In December, 1930, Glaspell’s play Alison’s House was produced and won the 1931 Pulitzer Prize in drama. Based on the life of Emily Dickinson, the play concerns a single day in the life of the Stanhope family, who are moving from their Midwestern home on the final day of the nineteenth century. Although she has been dead for eighteen years when the play begins, Alison Stanhope continues to influence Stanhope family members. Glaspell called her heroine Alison to accommodate Emily Dickinson’s heirs, who were opposed to her using the name or poetry of Dickinson. From 1936 to 1938 Glaspell served as director of the Midwest Play Bureau of the Federal Theatre Project. She then returned to Provincetown, where she lived the last years of her life. She died of a pulmonary embolism and viral pneumonia on July 27, 1948, at the age of seventy-two.

Glaspell was a product of the era of the New Woman (1870-1920). During her forty-year literary career she wrote fifty short stories, nine novels, and fourteen plays. Glaspell allowed herself to be more experimental in her plays than in her fiction. Most of her works deal with issues of gender and class and have women as the central characters, and many of her stories and novels concern the struggles of women for self-realization. Men in her work tend to be less important to the heroine’s well-being than other women. Glaspell’s works are those of a regionalist, and they emphasize the value of the individual; her heroines are often pioneers trying to adapt to a changing society. Glaspell received early acclaim as a writer but then drifted into literary limbo. A revival of interest in her work began in the 1970’s.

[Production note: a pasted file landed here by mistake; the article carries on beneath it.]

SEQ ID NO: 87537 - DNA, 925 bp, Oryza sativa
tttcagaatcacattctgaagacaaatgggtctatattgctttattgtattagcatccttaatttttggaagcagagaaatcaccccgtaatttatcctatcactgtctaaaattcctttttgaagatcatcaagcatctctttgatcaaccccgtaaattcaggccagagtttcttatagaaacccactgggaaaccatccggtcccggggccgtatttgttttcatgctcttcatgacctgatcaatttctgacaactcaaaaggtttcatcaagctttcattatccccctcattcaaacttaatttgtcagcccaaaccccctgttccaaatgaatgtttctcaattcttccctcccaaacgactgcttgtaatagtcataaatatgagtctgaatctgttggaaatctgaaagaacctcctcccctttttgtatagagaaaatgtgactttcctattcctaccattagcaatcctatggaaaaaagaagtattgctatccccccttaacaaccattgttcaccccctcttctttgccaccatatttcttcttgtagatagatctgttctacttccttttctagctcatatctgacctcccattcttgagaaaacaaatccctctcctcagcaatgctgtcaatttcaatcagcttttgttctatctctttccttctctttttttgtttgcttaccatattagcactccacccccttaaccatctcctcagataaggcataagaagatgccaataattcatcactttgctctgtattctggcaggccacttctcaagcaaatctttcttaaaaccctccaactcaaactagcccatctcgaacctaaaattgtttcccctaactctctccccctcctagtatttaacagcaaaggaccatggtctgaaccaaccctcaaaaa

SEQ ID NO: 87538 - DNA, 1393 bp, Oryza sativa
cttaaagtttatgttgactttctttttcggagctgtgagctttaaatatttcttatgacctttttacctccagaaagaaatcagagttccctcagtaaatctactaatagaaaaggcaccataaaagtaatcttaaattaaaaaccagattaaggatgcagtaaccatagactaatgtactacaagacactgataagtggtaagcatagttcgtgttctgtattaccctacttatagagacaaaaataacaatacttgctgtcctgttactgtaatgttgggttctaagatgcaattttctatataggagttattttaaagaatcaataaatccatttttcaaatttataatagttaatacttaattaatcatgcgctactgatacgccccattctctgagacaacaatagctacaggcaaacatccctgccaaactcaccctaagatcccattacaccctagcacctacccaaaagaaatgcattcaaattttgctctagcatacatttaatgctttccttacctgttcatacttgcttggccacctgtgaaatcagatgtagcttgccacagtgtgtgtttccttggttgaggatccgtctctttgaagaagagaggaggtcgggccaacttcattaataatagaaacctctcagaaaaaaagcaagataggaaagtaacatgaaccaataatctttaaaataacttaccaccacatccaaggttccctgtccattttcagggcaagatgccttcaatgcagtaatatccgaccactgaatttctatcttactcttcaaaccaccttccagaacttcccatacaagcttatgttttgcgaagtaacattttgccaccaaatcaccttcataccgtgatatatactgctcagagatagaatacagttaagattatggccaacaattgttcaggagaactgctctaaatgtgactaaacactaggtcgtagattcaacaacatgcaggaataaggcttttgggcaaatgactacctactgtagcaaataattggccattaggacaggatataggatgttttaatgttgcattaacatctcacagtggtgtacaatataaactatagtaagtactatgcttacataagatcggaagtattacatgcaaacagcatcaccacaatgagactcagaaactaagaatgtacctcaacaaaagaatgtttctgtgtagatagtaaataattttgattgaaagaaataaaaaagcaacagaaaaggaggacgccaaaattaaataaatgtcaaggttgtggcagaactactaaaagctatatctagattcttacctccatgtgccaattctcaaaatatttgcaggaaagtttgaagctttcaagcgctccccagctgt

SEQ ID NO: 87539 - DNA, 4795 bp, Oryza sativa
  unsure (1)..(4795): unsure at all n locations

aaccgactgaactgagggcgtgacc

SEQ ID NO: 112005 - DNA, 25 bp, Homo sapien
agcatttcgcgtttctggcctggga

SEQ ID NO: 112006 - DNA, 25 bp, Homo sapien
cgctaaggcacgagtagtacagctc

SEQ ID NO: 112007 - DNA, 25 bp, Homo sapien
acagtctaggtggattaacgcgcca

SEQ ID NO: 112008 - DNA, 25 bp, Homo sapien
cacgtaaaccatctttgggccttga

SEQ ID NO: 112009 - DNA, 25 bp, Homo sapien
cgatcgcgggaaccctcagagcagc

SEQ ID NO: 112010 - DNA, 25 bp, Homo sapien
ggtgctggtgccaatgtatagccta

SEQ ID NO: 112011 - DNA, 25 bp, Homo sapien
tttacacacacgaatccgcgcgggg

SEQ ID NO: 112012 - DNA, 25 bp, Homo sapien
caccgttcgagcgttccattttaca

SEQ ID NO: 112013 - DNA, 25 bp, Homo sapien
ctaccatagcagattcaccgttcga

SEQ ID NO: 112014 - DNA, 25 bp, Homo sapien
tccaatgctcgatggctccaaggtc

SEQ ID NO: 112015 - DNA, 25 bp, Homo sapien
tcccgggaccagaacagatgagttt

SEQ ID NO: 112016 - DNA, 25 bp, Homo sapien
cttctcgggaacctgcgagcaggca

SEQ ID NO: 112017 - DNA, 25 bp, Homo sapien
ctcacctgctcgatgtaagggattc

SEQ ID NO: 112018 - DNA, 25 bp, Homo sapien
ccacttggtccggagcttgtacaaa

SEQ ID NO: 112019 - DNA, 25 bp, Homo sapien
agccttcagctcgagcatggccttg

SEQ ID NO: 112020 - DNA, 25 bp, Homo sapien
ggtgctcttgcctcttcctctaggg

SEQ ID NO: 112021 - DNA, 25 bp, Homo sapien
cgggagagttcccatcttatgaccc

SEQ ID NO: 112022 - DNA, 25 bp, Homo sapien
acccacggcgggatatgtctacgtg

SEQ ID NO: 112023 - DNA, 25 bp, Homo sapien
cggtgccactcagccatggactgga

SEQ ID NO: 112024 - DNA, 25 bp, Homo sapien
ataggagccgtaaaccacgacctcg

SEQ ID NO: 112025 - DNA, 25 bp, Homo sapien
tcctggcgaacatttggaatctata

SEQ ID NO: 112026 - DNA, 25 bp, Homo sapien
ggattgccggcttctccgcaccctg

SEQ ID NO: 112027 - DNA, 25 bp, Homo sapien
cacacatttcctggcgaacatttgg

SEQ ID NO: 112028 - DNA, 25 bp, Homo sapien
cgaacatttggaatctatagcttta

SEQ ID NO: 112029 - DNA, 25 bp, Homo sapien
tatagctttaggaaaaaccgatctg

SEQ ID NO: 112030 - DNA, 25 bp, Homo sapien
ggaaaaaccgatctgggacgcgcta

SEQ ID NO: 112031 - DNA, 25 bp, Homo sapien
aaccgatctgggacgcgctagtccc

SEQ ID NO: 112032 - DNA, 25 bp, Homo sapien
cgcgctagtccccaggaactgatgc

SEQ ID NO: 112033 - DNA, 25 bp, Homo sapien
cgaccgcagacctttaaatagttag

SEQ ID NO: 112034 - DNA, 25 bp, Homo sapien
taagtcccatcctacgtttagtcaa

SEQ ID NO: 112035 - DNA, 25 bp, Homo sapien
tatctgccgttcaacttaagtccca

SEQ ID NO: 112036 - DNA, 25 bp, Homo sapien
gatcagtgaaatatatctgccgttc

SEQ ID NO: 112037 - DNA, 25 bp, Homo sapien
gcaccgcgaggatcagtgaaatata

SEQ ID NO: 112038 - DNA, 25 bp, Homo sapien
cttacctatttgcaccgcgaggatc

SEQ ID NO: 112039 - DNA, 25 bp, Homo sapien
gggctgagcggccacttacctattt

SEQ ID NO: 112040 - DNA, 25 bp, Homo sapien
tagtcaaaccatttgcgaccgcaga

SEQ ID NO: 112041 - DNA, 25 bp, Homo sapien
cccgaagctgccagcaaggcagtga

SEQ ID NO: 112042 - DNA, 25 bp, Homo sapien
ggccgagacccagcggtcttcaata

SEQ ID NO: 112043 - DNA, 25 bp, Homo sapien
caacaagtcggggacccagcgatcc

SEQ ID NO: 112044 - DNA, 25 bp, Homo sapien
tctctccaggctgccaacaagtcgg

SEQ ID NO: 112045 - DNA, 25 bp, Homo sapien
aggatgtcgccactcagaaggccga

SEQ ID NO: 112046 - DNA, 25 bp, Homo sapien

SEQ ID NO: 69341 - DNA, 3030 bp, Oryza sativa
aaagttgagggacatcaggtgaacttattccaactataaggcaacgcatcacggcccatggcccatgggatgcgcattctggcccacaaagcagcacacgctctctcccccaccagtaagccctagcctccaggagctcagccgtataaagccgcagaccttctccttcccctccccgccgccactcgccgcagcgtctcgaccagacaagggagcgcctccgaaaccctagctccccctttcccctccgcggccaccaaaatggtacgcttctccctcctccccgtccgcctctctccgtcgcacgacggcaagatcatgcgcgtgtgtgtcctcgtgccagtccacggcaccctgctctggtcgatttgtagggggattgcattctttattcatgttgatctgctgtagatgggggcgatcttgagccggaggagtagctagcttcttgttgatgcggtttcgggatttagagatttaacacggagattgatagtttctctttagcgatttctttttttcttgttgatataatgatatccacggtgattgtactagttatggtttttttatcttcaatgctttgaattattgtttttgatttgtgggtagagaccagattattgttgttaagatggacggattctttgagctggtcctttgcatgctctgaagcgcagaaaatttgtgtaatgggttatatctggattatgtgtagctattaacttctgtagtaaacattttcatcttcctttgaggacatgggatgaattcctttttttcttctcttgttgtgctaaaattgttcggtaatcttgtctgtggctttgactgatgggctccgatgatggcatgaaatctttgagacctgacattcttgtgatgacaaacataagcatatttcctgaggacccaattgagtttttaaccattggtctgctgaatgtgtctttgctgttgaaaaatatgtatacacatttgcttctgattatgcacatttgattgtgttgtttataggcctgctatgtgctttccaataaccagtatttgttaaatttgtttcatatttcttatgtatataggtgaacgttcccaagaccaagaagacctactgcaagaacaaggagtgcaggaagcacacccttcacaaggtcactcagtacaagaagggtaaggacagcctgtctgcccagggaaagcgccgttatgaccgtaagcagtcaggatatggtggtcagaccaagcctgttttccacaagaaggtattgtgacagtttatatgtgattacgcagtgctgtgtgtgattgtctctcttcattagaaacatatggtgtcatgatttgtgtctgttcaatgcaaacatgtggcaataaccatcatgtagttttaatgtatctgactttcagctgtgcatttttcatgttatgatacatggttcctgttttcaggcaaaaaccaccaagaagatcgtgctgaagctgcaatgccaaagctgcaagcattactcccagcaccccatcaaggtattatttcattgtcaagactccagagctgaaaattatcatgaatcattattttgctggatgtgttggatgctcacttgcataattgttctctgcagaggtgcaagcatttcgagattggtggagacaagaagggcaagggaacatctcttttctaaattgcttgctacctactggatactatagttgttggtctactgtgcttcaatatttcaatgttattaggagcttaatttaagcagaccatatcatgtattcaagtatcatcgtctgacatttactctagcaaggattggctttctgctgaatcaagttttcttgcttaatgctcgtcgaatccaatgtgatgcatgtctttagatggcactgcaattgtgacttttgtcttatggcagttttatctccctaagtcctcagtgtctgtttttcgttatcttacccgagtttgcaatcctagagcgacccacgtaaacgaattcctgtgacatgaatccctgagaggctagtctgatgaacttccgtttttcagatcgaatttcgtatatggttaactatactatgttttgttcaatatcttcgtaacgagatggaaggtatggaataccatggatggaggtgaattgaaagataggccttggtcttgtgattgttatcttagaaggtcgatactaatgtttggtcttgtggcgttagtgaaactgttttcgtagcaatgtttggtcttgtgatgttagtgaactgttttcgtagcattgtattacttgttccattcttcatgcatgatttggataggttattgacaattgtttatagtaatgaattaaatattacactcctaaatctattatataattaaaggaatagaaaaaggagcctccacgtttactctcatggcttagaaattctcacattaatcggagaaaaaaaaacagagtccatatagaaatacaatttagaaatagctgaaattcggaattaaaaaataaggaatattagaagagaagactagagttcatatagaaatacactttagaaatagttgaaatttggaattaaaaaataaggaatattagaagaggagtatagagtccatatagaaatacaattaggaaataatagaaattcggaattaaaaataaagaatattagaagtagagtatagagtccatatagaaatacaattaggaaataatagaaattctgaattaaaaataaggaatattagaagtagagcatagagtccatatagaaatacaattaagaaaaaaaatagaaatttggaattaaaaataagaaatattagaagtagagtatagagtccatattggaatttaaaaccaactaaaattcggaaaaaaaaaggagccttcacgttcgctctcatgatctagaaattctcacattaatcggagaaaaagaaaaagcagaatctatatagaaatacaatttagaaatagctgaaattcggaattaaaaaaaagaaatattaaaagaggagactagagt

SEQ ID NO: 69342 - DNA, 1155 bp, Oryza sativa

BibliographyBen-Zvi, Linda. Susan Glaspell: Her Life and Times. New York: Oxford University Press, 2005. An examination of Glaspell’s relationships with the men in her life, as well as the role she played in the writing communities of Iowa and New York.Ben-Zvi, Linda. “Susan Glaspell’s Contributions to Contemporary Women Playwrights.” In Feminine Focus: The New Women Playwrights, edited by Enoch Brater. New York: Oxford University Press, 1989. Argues that Glaspell’s plays represent the female experience and that through their structure, characters, and language, the plays help to create a woman-centered drama.Bigsby, C. W. E. Introduction to Plays by Susan Glaspell. Cambridge, England: Cambridge University Press, 1987. Contains good biographical information and focuses on Glaspell’s development as a playwright. Provides insightful critical comments on four of Glaspell’s plays: Trifles, The Outside, The Verge, and Inheritors.Dymkowski, Christine. “On the Edge: The Plays of Susan Glaspell.” Modern Drama 1 (March, 1988): 91-105. Examines Glaspell’s theme of “otherness,” of taking risks in order to fulfill one’s potential.Goldberg, Isaac. The Drama of Transition: Native and Exotic Play craft. Cincinnati: Stewart Kidd, 1922. Examines Glaspell’s major plays and compares her dramatic techniques to those of Eugene O’Neill.Makowsky, Veronica A. Susan Glaspell’s Century of American Women: A Critical Interpretation of Her Work. New York: Oxford University Press, 1993. Has a chapter on Glaspell’s life and a chronological discussion of her works, many of which are out of print.Noe, Marcia. Susan Glaspell: Voice from the Heartland. Macomb: Western Illinois University, 1983. A book-length critical biography that emphasizes Glaspell’s idealism.Ozieblo, Barbara. “Rebellion and Rejection: The Plays of Susan Glaspell.” In Modern American Drama: The Female Canon, edited by June Schlueter. London: Associated University Presses, 1990. Explores why a playwright as influential as Glaspell had been to her contemporaries is excluded from many studies of drama and concludes that Glaspell was ignored because of her challenge to patriarchal attitudes.Ozieblo, Barbara. Susan Glaspell: A Critical Biography. Chapel Hill: University of North Carolina Press, 2000. A biography of the playwright.Papke, Mary E. Susan Glaspell: A Research and Production Source book. Westport, Conn.: Greenwood Press, 1993. Has a fine introduction, summaries, production histories, commentaries on the critical reception of the plays, and bibliographies of primary and secondary sources.Waterman, Arthur E. Susan Glaspell. New York: Twayne, 1966. Primarily a critical-analytical study of Glaspell’s novels and plays but also contains relevant biographical information. A chapter on the Provincetown Players describes the importance of the group and Glaspell’s contribution to it. A bibliography contains both primary and secondary sources.